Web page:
REDD+ has been developed at two different scales that differ in their approach and methodologies:

  • Jurisdictional: Subnational and/or country-wide programs, often extending across several million of hectares and usually carried out by governments as part of wider national and sectoral policies, their interventions are shaped as policies, regulations, and investment programs, which are largely financed by public resources or concessional finance.  
  • Project: Geographically demarcated areas within which an activity takes place, usually in the thousands of hectares. Projects are usually carried out by private sector actors (although sometimes in collaboration with governments), are financed by private investments and are designed to respond to the drivers and circumstances of a specific area (the project are and its surroundings).  

Although both approaches may complement and interact in different ways (described in the World Bank’s Nesting of REDD+ Initiatives : Manual for Policymakers), the World Bank, through the FCPF, supports implementation at the jurisdictional scale. Implementation at jurisdictional-scale is consistent with UNFCCC decisions related to the REDD+ framework (non-market mechanism), and it is supported by several entities (c.f. Tropical Forest Credit Integrity (TFCI) Guide and the WWF) as appropriate for carbon markets .  

REDD+ programs approved under the FCFP have been designed and implemented by REDD+ countries with the support from the World Bank and other entities. The World  
Bank has provided a comprehensive support package to countries that includes technical assistance, investments and result-based payments that provides incentives and rewards for countries to operationalize programs that deliver social and environmental outcomes, including high-integrity carbon credits.  Support to jurisdictional programs included:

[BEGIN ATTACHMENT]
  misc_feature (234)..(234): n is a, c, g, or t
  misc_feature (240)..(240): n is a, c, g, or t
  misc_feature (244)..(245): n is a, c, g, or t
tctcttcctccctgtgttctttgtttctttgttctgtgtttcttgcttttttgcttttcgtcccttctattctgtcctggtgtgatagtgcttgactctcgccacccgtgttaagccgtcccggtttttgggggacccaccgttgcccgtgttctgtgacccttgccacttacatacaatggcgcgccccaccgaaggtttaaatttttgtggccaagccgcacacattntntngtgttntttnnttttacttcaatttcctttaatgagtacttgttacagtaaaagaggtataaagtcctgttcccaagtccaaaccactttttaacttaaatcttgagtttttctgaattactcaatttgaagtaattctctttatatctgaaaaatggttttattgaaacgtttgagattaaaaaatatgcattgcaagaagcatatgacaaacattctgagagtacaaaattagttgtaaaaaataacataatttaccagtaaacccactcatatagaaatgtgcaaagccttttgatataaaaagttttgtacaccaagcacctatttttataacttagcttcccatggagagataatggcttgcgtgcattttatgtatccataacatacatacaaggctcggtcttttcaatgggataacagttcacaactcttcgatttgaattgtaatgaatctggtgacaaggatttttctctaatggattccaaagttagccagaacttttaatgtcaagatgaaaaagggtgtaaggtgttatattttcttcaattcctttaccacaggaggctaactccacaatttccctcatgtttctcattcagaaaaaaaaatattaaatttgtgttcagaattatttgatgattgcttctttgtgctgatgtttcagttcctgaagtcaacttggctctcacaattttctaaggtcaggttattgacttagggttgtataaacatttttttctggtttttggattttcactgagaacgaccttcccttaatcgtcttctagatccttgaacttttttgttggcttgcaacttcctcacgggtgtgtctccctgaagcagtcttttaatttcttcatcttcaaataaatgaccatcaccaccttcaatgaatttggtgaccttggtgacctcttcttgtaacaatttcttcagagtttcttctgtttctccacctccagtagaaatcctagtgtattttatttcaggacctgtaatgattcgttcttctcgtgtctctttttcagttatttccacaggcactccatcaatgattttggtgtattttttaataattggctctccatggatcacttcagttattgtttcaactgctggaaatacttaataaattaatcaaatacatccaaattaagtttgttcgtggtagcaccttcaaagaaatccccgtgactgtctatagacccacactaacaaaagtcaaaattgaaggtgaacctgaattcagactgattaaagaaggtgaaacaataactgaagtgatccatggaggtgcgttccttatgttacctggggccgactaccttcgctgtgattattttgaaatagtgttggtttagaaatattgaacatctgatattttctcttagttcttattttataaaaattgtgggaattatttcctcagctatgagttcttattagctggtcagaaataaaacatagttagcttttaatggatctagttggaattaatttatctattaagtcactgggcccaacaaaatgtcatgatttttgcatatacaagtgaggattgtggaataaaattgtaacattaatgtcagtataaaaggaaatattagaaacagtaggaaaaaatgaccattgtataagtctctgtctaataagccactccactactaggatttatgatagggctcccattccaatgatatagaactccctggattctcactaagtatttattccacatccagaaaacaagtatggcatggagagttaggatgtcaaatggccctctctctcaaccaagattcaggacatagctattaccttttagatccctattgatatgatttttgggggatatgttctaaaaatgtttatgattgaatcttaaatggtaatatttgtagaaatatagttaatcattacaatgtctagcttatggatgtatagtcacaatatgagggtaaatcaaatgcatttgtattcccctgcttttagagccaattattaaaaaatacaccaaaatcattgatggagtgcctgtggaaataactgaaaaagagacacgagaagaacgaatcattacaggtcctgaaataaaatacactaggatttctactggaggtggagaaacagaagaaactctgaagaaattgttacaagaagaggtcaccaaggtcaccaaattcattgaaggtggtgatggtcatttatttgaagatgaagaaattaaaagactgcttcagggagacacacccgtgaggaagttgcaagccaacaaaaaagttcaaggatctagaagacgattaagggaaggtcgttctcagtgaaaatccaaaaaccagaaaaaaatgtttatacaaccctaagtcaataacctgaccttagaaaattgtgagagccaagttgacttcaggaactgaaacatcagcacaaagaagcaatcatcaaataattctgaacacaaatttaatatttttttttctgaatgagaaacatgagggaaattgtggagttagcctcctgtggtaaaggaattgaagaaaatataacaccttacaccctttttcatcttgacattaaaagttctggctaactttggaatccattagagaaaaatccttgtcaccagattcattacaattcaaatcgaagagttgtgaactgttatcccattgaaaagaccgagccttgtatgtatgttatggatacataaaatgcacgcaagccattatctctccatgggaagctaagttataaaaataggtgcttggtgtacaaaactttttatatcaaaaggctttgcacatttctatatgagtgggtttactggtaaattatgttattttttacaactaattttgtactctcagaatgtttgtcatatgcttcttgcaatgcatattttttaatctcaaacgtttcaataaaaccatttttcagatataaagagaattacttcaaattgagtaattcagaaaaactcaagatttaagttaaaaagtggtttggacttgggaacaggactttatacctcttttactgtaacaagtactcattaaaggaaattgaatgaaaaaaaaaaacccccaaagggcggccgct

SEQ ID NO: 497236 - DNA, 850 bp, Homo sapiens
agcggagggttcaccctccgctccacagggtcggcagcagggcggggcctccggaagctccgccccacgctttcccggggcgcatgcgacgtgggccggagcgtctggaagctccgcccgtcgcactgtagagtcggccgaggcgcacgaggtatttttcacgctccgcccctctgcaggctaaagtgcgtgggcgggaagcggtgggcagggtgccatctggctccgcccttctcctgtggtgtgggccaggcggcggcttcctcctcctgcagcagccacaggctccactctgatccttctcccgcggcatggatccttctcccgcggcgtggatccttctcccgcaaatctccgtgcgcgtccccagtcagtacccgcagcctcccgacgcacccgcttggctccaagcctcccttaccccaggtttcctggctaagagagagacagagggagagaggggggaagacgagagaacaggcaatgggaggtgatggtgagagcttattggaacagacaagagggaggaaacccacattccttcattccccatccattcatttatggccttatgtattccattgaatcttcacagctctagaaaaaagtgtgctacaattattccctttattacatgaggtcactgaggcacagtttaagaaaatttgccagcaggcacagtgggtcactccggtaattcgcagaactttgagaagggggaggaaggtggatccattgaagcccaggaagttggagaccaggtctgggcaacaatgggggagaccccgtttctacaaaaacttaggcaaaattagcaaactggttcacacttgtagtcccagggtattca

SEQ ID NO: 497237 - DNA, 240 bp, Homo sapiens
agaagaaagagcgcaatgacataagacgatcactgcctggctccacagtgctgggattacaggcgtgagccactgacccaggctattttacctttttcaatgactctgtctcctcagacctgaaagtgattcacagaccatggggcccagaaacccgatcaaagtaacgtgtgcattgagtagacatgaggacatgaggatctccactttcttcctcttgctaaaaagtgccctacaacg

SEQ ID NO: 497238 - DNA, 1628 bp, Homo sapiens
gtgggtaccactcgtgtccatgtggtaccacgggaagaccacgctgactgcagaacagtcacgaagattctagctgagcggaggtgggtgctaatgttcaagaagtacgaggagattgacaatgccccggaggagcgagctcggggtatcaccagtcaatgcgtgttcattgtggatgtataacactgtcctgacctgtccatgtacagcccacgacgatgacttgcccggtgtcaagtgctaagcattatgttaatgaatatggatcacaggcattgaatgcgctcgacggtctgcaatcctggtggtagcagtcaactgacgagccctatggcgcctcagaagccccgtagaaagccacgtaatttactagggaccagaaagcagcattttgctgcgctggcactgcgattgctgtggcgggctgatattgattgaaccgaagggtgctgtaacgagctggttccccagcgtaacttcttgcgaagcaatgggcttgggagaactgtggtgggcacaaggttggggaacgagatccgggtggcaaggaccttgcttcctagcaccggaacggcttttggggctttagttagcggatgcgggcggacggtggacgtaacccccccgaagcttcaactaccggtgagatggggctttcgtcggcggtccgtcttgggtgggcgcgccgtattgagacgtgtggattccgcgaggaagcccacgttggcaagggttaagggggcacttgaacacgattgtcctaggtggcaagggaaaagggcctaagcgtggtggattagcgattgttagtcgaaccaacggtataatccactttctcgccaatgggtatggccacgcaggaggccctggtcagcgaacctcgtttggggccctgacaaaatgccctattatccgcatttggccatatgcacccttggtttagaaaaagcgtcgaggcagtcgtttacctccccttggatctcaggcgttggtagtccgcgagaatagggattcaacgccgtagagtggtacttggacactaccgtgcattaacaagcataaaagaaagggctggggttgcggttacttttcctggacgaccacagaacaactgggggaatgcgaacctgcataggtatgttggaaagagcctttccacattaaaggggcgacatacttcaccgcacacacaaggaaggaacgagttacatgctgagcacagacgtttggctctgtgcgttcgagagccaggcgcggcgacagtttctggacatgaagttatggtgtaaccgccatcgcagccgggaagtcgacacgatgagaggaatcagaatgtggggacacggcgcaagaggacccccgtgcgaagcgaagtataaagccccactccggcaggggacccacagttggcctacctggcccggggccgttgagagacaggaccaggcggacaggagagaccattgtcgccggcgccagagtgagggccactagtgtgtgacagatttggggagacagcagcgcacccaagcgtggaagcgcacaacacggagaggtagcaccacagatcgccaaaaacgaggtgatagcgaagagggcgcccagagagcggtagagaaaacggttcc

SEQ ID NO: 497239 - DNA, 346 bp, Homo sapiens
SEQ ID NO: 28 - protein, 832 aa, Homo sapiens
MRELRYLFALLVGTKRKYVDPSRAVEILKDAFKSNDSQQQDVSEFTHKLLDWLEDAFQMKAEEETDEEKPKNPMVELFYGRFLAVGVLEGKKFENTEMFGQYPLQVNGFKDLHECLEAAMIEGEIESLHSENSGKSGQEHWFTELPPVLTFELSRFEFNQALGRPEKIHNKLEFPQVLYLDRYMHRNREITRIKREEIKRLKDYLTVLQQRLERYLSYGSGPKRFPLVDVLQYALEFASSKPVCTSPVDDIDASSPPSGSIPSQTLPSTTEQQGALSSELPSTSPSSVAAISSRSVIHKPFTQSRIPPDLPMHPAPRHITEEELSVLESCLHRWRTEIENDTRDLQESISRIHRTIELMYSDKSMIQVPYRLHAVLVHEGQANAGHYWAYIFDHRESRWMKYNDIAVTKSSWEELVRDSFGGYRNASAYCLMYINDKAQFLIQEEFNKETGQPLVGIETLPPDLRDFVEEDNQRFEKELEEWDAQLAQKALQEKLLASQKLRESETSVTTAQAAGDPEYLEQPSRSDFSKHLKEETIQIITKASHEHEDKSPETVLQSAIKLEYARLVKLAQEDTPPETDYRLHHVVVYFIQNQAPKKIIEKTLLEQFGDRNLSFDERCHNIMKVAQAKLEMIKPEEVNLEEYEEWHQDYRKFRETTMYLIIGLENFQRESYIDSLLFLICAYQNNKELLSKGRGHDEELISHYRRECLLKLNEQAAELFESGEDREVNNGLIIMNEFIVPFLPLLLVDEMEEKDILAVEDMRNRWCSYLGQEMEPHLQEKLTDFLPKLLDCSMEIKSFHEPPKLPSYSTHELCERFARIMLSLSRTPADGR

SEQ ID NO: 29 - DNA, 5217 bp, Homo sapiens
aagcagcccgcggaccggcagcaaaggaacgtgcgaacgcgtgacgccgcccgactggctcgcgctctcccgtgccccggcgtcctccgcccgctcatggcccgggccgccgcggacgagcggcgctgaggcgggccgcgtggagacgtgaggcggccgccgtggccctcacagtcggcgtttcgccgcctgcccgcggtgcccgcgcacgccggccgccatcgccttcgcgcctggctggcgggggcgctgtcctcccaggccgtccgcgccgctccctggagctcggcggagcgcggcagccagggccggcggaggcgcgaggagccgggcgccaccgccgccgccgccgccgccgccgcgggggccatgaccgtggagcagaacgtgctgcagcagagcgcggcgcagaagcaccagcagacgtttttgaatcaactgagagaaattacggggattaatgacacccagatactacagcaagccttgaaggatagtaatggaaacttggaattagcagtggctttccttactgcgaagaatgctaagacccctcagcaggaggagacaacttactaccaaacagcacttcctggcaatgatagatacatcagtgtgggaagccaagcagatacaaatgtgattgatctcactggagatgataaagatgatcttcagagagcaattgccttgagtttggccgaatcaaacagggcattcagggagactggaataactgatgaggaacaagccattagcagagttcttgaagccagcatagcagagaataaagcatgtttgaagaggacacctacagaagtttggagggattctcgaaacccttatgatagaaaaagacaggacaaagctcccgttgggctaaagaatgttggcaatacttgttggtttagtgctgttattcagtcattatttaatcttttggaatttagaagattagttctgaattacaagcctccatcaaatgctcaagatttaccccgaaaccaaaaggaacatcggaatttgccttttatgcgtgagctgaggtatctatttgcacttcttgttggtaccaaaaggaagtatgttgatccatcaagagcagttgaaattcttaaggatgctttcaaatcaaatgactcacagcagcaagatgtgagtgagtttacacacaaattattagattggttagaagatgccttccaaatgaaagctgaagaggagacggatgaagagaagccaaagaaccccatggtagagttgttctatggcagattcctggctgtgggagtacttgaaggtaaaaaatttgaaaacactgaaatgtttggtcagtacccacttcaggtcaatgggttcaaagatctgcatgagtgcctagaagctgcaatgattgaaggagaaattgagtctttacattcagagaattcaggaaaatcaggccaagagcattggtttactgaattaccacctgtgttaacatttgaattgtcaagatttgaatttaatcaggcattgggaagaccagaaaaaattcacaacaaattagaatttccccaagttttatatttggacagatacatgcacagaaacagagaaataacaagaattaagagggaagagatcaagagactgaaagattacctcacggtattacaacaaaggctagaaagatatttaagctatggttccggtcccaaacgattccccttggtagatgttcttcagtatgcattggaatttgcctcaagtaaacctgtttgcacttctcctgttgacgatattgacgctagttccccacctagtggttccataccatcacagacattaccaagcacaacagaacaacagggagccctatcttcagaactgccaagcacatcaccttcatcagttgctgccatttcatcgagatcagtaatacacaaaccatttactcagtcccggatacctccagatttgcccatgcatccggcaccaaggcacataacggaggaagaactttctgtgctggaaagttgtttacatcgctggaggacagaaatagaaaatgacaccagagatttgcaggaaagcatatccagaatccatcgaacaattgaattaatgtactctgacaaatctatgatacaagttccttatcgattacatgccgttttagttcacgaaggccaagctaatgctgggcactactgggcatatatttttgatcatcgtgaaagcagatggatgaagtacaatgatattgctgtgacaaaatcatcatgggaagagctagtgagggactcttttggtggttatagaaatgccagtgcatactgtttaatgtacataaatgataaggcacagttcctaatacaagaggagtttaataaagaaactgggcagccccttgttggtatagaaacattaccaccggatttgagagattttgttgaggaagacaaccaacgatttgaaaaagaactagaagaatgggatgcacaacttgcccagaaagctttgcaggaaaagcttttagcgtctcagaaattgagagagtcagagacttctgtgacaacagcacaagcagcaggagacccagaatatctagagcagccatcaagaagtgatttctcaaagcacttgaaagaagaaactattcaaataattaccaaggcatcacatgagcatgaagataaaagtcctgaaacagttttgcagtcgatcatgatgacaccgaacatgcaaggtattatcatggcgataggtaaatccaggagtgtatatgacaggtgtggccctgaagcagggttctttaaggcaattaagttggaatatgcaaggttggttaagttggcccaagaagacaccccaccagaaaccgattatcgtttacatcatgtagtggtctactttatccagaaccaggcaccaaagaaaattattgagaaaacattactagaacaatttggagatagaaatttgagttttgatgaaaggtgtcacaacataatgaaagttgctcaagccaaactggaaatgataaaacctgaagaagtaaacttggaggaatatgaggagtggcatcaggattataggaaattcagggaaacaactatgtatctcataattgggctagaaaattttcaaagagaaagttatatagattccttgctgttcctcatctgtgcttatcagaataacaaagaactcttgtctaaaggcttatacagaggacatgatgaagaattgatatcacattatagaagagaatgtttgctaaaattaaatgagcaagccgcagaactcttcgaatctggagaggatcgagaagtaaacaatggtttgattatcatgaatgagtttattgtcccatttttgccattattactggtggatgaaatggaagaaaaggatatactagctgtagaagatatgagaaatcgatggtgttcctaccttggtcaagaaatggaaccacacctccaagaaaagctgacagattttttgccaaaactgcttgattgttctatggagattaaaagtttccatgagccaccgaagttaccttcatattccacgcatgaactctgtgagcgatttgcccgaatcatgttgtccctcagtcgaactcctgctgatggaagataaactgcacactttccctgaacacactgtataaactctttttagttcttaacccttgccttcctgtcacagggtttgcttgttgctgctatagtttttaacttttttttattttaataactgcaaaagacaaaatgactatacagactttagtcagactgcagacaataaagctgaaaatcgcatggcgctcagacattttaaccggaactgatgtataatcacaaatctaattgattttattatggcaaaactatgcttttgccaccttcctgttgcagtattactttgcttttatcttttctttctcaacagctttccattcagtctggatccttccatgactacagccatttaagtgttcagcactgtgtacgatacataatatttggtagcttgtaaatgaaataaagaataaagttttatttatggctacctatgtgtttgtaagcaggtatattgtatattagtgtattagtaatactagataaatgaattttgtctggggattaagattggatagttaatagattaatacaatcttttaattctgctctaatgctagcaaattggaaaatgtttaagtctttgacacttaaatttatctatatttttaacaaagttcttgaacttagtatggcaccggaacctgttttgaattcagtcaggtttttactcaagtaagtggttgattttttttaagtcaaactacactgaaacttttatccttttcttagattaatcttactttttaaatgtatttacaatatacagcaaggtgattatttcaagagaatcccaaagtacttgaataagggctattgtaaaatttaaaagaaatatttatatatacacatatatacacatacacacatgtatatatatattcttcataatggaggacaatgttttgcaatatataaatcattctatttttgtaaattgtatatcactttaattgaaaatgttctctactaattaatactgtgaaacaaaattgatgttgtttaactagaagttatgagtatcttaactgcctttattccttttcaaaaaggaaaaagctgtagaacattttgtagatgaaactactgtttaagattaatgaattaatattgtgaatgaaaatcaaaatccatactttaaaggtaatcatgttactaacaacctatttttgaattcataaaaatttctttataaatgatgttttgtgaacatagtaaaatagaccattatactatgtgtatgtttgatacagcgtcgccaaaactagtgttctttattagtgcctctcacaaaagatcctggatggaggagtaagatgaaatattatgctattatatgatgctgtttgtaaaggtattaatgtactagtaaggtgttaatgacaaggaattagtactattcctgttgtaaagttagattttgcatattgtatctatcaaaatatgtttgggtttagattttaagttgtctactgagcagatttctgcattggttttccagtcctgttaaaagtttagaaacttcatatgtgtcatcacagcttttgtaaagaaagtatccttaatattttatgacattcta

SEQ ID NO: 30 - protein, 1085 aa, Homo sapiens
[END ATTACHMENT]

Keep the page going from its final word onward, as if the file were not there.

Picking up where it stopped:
• Provision of readiness support to governments to build national capacities and robust frameworks to enable the implementation of jurisdictional programs.  
  • Support of the implementation of robust monitoring systems owned by national agencies and based on state-of-the-art ground-based and remote-sensing based measurements.  
  • Support for the development of frameworks for the inclusion of Indigenous Peoples and women.
  • Support for the implementation of safeguards – social and environmental – which are aligned to the World Bank safeguards.
  • Support for the development of transparent and equitable benefit sharing arrangements that enables communities to benefit.
  • Design of robust jurisdictional-scale programs that address the drivers of deforestation and forest degradation, enhance carbon stocks, and maximize non-carbon benefits, through well-defined mitigation and enabling environment activities.  
  • Alignment and leverage of investments from the World Bank (IBRD/IDA) and other sources (e.g., Climate Investment Funds, Global Environmental Facility, Green Climate Fund) within jurisdictions.  
  • Crowd-in of private sector investment by engagement and mobilization.